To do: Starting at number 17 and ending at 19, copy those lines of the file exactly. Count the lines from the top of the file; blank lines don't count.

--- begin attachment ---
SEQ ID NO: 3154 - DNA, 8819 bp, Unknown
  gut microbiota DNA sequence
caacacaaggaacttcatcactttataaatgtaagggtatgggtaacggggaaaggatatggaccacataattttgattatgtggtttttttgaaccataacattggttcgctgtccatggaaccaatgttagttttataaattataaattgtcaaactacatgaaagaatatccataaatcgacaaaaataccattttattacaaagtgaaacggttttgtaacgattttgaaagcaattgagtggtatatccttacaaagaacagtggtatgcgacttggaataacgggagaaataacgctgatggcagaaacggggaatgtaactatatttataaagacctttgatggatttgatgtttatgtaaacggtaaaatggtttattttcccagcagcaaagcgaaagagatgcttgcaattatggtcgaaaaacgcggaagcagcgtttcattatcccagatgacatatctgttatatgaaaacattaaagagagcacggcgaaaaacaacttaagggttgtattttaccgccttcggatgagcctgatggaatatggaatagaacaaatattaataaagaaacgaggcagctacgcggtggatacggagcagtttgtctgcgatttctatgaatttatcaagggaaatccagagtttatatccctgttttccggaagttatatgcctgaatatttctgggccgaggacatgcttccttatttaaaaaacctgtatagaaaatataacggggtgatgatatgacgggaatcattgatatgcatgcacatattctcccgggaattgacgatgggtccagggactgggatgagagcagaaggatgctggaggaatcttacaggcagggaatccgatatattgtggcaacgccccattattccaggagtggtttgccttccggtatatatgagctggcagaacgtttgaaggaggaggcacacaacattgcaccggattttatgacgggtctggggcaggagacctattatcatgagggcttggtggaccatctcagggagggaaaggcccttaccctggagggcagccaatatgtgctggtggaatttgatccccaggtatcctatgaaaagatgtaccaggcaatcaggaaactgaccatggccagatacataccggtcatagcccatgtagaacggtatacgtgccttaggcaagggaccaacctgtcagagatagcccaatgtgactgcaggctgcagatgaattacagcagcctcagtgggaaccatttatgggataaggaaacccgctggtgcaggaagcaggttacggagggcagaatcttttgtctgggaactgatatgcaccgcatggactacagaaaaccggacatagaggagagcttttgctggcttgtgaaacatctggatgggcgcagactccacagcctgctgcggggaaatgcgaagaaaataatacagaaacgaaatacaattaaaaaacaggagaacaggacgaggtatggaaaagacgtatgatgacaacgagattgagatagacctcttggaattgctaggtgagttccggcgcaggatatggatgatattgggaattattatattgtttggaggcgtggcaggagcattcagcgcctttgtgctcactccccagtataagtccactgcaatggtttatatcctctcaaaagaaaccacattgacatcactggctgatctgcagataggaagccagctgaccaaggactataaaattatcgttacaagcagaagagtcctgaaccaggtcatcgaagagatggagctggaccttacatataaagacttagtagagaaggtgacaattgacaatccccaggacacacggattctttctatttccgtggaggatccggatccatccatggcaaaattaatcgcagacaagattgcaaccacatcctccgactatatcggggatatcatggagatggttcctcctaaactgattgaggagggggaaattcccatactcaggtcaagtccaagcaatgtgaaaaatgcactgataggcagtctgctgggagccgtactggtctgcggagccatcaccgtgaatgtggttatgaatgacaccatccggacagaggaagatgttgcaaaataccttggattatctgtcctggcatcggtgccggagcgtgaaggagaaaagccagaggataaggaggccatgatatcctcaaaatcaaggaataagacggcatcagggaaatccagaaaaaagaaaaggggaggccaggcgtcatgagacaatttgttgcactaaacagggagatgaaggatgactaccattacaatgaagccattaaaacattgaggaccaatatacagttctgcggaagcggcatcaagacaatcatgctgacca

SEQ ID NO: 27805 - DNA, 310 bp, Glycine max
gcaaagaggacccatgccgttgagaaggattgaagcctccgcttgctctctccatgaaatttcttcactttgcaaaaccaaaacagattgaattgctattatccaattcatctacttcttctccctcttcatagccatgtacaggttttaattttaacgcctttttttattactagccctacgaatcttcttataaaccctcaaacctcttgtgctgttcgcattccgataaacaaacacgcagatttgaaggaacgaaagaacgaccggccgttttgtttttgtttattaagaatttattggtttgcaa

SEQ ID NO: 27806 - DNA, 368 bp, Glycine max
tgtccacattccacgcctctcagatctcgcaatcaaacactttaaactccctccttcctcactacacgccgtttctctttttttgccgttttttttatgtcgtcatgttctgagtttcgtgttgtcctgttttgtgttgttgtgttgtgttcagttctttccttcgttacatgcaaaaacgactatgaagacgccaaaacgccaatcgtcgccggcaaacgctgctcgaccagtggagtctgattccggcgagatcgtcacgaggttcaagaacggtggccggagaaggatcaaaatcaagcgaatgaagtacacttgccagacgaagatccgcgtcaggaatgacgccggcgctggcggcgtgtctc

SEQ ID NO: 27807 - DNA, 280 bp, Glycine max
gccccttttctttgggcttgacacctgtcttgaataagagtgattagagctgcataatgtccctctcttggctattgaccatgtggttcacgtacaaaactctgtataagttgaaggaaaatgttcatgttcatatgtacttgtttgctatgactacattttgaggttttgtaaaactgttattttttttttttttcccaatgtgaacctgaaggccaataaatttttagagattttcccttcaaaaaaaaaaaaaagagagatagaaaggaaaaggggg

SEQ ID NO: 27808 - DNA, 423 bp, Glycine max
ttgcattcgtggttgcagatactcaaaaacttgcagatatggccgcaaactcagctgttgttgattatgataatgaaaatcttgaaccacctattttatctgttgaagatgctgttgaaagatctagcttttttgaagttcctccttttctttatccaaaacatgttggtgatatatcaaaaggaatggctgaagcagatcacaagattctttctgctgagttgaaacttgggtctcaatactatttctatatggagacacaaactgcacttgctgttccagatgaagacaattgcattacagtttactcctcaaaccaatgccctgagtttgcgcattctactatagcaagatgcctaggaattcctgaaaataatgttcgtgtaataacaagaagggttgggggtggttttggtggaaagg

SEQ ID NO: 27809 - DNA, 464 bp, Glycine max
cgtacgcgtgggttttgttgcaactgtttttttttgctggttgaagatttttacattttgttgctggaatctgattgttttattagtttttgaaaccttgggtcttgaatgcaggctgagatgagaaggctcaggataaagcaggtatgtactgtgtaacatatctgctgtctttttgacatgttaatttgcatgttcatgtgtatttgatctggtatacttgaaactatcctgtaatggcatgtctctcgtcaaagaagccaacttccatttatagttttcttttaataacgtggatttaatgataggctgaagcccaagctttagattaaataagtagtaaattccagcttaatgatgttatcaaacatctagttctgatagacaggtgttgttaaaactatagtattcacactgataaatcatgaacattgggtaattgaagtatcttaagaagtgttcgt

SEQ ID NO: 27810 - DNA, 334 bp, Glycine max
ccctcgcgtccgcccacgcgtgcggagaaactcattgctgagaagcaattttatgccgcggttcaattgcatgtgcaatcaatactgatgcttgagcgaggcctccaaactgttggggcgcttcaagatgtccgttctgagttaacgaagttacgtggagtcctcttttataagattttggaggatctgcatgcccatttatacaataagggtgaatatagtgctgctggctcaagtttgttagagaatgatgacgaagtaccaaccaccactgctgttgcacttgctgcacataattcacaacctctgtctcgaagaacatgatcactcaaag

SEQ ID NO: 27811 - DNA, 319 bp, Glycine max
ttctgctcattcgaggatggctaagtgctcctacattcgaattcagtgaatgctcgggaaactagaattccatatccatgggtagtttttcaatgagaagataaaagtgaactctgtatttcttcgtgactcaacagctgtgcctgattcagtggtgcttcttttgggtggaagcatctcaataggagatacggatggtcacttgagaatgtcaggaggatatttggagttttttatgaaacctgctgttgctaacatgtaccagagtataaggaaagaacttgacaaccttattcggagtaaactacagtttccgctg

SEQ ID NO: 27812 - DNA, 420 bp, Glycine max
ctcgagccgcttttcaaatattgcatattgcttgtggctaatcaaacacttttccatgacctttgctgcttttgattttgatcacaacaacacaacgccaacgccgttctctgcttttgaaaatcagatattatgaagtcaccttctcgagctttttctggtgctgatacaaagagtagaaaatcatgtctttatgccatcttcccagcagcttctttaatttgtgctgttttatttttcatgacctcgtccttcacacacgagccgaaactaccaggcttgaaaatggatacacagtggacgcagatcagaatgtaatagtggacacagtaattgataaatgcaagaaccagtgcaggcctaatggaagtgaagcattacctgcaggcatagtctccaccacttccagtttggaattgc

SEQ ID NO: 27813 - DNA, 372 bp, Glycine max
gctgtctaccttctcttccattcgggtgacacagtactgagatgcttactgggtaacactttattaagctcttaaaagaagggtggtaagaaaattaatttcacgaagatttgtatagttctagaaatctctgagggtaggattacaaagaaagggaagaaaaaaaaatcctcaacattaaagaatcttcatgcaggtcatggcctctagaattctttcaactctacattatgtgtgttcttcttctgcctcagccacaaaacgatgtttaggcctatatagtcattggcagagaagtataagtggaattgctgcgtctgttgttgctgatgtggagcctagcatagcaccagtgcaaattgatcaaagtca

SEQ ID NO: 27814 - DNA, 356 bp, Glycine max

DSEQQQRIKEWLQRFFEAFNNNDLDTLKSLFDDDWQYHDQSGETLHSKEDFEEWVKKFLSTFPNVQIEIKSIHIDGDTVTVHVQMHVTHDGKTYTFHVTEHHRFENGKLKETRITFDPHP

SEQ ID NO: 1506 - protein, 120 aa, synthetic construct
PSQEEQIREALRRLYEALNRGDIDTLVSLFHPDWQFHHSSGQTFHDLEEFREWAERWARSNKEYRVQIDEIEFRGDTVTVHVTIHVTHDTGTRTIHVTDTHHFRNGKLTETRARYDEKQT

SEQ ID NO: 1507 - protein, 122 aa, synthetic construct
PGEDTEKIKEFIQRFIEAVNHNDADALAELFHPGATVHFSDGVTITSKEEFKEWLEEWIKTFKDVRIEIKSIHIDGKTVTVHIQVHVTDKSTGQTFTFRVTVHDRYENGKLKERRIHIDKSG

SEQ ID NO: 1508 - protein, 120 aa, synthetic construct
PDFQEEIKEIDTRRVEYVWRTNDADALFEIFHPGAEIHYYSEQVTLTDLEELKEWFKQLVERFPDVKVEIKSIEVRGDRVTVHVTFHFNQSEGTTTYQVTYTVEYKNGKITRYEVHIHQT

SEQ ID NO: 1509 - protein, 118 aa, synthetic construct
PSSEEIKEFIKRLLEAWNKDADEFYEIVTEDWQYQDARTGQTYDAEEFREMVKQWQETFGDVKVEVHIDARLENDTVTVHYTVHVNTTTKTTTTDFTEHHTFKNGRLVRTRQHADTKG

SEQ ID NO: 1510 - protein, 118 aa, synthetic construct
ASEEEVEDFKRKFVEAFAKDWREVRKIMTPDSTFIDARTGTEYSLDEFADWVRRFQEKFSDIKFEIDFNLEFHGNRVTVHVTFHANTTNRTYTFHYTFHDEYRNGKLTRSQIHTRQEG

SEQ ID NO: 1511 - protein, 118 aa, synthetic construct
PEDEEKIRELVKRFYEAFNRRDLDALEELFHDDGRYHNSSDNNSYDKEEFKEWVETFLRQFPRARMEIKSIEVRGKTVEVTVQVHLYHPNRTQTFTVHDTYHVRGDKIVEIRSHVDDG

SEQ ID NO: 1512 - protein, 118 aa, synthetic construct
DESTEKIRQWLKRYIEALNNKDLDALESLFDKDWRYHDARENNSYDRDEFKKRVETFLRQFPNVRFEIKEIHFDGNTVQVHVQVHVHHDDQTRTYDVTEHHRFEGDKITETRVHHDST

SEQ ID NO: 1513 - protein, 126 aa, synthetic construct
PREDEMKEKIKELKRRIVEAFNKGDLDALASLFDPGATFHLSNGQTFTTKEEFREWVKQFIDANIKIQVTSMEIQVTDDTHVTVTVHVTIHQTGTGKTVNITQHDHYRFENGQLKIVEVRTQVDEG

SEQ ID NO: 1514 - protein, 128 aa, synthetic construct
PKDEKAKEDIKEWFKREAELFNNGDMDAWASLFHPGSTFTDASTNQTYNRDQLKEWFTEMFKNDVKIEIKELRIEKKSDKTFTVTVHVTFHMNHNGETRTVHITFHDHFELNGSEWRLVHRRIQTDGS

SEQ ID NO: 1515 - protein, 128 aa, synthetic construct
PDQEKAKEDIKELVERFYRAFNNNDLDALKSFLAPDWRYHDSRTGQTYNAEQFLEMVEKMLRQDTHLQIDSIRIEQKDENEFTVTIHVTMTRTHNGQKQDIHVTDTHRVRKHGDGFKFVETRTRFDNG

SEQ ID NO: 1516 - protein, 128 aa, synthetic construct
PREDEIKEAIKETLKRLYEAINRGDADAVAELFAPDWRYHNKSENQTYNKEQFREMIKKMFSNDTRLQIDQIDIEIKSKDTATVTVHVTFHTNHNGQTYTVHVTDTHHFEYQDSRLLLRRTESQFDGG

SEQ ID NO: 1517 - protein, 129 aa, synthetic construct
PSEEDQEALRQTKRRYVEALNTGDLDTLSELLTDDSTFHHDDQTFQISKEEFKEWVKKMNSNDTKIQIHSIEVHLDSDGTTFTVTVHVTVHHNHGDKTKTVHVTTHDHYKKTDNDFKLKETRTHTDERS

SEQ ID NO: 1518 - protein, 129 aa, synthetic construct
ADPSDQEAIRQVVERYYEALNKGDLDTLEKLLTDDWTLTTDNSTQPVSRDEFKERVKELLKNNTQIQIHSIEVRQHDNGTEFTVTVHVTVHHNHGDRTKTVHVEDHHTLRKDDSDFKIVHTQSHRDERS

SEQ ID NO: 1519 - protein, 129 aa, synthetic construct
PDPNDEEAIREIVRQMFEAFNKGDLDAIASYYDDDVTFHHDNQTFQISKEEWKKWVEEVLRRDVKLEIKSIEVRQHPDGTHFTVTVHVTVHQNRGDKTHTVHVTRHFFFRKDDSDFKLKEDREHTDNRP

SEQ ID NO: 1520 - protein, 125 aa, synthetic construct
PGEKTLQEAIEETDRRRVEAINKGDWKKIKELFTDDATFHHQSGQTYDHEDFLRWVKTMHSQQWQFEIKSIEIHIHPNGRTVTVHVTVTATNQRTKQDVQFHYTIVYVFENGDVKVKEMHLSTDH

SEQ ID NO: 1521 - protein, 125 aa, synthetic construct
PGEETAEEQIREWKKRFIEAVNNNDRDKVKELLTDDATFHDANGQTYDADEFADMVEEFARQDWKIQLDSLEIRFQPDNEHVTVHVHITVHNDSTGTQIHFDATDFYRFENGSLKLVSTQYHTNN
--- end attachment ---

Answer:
ttctgctcattcgaggatggctaagtgctcctacattcgaattcagtgaatgctcgggaaactagaattccatatccatgggtagtttttcaatgagaagataaaagtgaactctgtatttcttcgtgactcaacagctgtgcctgattcagtggtgcttcttttgggtggaagcatctcaataggagatacggatggtcacttgagaatgtcaggaggatatttggagttttttatgaaacctgctgttgctaacatgtaccagagtataaggaaagaacttgacaaccttattcggagtaaactacagtttccgctg

SEQ ID NO: 27812 - DNA, 420 bp, Glycine max
ctcgagccgcttttcaaatattgcatattgcttgtggctaatcaaacacttttccatgacctttgctgcttttgattttgatcacaacaacacaacgccaacgccgttctctgcttttgaaaatcagatattatgaagtcaccttctcgagctttttctggtgctgatacaaagagtagaaaatcatgtctttatgccatcttcccagcagcttctttaatttgtgctgttttatttttcatgacctcgtccttcacacacgagccgaaactaccaggcttgaaaatggatacacagtggacgcagatcagaatgtaatagtggacacagtaattgataaatgcaagaaccagtgcaggcctaatggaagtgaagcattacctgcaggcatagtctccaccacttccagtttggaattgc